Last time we saw ANDA… (click for recap)

After arriving at the Unseen, Anda meets Ben and Mica, who claim to be her brother and sister. She is uncertain, but Ben restores Cassandra’s memory, and Cassandra assures her they’re telling the truth. Tempted with the promise of a family, Anda agrees to let Ben restore her memories. Except it doesn’t work. She meets Hannah, a Seer, who tells her about Juliette: the First Prophet who saw the future. Anda realizes she must learn more and talks with both Ben and Mica. Ben is grieved that he could not save her and tells her how wonderful their life before her Burn was. But Mica is dismissive and negative about their past. Anda asks if she or Mica have abilities like Ben’s, but Mica says no. Left without answers, they are whisked away to meet with the Colonel. But Anda and Hannah are asked to wait outside…

So many doors. So many possibilities and mysteries. But there was only one door Anda cared about.

“Do you know what they’re talking about in there?” Anda asked Hannah. They sat on a wooden bench across from the conference room door where Mica, Cassandra, Ben, and several others whose names she didn’t know met and discussed… something. Anda stared at the door, running her thumb over her flower pendant, wondering what was happening on the other side of that door. It was such an ordinary door, ordinary like the door in the doctor’s office. Ordinary like the doors in her tower and down the hall in her apartment building. Its simplicity and commonness filled her with fear. She knew something bad was happening on the other side of that door, and she knew that soon she would have to go through it again.

Hannah shook her head. “You know as much as I do.”

Anda’s forehead crinkled in thought, and she kept her eyes fixed on the door.

Light flickered out of the corner of her eye. At the end of the hallway through another open door, the light flickered again. Something about the shade of the light seemed familiar.

“This is your office, isn’t it?” Anda asked.

“It was. However, my post was usually out on the mountainside, so I was rarely here.”

“What’s down that hallway? There are lights down there.”

“That’s where the Surveillance Department keeps us safe. They have cameras all around the city and mountain.”

“Hannah? Can I speak with you a moment?” a voice called.

“Stay here,” she said to Anda, standing up. “I’ll be right back.” Her staff clicked down the stone towards the voice.

Anda sat staring at the light at the end of the hallway.

Her eyelids began to flutter as the light shifted—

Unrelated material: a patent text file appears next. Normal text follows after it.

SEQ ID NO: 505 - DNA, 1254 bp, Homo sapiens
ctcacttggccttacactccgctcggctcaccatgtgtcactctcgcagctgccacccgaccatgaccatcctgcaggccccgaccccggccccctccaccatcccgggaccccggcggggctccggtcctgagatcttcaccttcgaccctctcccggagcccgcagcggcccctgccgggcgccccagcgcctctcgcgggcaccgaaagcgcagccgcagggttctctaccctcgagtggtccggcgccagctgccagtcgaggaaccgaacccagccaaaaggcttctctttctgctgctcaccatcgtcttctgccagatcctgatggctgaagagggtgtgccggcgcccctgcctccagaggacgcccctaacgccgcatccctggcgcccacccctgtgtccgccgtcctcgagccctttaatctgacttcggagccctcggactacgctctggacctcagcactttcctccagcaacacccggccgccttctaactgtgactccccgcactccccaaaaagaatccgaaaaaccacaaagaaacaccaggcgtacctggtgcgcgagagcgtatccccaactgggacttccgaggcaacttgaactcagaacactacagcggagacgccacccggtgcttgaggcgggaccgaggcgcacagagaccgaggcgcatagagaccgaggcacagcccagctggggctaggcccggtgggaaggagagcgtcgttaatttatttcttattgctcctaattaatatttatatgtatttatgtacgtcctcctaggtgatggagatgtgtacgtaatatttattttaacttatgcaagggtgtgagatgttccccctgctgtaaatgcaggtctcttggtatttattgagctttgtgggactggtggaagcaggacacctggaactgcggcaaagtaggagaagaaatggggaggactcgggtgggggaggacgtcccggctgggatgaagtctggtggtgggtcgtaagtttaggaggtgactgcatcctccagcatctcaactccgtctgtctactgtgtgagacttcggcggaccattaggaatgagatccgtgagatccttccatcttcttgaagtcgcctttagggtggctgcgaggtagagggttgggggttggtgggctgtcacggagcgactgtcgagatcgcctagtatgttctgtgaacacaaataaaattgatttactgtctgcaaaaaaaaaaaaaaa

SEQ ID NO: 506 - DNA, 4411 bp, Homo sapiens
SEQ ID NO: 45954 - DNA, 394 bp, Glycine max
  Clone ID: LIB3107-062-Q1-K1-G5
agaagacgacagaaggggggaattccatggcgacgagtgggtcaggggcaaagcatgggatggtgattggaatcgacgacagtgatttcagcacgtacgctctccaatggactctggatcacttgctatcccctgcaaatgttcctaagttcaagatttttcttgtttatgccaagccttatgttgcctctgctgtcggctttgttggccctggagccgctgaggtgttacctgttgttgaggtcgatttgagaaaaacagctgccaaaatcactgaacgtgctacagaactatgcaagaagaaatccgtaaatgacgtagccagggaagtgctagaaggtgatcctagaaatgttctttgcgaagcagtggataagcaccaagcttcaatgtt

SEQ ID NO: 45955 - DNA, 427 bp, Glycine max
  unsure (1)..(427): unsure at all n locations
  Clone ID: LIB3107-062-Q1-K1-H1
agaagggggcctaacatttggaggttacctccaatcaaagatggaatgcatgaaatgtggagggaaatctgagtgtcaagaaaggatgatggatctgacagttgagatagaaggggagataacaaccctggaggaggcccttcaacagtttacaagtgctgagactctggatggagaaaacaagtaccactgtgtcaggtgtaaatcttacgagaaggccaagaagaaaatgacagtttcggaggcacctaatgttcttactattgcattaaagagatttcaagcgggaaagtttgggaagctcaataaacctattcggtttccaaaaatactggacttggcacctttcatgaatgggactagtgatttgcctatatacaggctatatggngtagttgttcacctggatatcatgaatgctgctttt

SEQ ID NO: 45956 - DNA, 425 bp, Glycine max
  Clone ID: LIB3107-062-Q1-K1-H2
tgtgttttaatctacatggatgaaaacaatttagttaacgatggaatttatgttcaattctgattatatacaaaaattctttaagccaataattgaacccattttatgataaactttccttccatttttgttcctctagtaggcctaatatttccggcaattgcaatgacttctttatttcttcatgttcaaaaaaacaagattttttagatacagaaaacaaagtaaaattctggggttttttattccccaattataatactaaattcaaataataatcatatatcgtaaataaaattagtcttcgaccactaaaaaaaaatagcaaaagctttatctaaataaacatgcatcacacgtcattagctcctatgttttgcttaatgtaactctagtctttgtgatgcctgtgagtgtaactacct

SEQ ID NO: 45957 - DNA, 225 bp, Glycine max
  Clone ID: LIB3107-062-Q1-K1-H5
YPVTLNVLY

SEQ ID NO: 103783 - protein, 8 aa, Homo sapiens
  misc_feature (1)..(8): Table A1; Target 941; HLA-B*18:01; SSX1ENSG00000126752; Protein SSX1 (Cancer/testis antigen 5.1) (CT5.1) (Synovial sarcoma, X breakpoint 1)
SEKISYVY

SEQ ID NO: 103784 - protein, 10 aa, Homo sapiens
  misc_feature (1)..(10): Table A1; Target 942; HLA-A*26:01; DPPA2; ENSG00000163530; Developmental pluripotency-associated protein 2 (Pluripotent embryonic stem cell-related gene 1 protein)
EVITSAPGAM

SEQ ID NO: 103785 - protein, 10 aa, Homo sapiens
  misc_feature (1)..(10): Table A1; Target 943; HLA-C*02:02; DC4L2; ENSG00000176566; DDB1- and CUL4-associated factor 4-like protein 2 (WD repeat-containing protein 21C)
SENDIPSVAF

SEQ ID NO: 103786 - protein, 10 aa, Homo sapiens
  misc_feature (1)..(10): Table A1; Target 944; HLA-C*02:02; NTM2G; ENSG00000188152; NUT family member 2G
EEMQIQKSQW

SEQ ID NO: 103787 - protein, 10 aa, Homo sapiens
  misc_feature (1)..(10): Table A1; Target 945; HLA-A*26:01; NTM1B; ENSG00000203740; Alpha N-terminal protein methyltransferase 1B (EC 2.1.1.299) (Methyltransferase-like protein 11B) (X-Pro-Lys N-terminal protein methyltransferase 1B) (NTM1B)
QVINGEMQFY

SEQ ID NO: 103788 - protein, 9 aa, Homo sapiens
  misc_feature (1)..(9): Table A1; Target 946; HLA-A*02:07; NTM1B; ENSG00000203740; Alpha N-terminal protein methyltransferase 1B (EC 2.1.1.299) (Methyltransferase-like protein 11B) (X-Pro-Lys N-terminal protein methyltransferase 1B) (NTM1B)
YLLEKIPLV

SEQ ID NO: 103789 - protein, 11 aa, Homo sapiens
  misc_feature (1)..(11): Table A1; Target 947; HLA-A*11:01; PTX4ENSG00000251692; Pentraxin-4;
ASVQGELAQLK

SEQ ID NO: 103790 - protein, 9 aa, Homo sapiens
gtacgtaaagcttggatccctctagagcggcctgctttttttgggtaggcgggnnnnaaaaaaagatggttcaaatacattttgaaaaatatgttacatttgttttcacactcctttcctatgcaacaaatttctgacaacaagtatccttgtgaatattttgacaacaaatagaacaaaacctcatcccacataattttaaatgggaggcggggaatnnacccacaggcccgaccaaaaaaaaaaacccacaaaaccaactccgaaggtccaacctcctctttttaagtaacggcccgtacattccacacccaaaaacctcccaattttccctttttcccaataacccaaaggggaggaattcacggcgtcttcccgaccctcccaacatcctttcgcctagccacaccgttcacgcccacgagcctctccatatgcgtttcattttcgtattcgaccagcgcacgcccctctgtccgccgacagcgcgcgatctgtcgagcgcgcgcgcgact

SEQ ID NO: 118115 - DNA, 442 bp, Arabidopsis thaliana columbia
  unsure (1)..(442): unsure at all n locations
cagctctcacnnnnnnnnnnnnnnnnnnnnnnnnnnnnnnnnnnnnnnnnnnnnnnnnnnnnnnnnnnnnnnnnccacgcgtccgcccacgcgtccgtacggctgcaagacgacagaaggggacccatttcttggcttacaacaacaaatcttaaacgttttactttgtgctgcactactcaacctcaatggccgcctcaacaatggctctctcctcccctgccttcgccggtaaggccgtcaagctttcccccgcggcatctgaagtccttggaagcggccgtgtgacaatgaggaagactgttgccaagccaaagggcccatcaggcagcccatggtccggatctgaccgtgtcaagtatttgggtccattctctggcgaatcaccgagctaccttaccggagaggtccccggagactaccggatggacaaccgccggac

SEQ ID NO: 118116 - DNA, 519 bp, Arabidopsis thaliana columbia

Hands. And blood. The world was black and white, grainy and distorted, and….

Anda opened her eyes with a sinking sick feeling: she understood the light. She stood up and walked down the hallway. The doors on either side glimmered in the flickering light. Anda reached the end of the hallway pushed the door all the way open.

She found herself in a large room with desks and chairs and tables all facing the far wall. Hundreds of sparkling CRT displays lined the far wall. Images of the Unseen City flashed black and white before them, grainy and distorted on the blue-gray screens. All the images on the screens were strangely shining.

“What is this place?” Anda asked, staring at the screens.

A guard turned to her, startled from a cup of steaming coffee he’d been bent over. “You can’t be back here,” he said. He set his coffee down, sloshing it over the side and onto his hand. He cursed and shook black coffee from his hand as he moved to escort her out, but Anda waved his hand away and stared at the screens. The man fumbled with his drink.

“But, this is just like… I mean, it looks just like my….”

Her heart pounded, and blood rushed to her head as she realized what she was seeing. The monitors and the flashing screens looked like her vision. The screens showed the same color, flicker, and shining light that her vision of the dying man had.

She wondered what that meant. Was he here? Was the dying man somewhere in this city?

The guard put a dripping hand on her arm to lead her from the room, but Anda shoved his hand away and ran back down the hallway for the conference room. Whatever was happening inside that room, she needed to see.

Anda burst through the ordinary door and found herself staring at the black and white vision before her. Her vision, strangely shining, was now real before her eyes. The image sparkled and flickered in front of her. She hadn’t been seeing an event: she had been seeing this moment, this recording flickering before her. She walked closer, captivated by the image.

Everyone at the table looked at her, then looked back to the screen.

Colonel Mason rose from her chair and rushed to Anda, telling her she couldn’t be here, she had to leave, where was Hannah? Hannah! But Anda didn’t hear her. She stared in horror at the screen as her vision played out in shining and horrible detail.

She stared at the man, still unable to see his face. He pleaded with someone. His hands outstretched to the figure before him. Anda barely registered that there was another person on the screen. She only saw the dying man alive on the CRT display before her.

Maybe there was still time to save him.

The man on the display jerked, a flash of light, and he staggered.

“No… that’s not right…” she said.

Hands. And blood. The screen before her was black and white, grainy and distorted, and strangely shining, but she knew blood when she saw it. The wet shining blackness on his hands was blood.

The hands reached out, stretched for… not her, but that figure holding the gun. She couldn’t do anything to stop it. The hands kept reaching. She raised her eyes from the bloody hands to see who they belonged to—she needed to see who was reaching for her and dying and—

The man suddenly looked up, and she finally saw his face. He had a kind face, at least, she imagined he would be kind, despite the pain and disbelief clearly written on his face.

Anda stared at him, and the dying man stared back at her. Then the second figure on the screen turned. It took a moment for the realization to seep in: the second figure was herself. She was on the screen, too, staring down at the dying man and holding a gun. She was the figure holding the gun. She stared in horror at her own image on the screen, standing over the dying man she had fought so hard to save.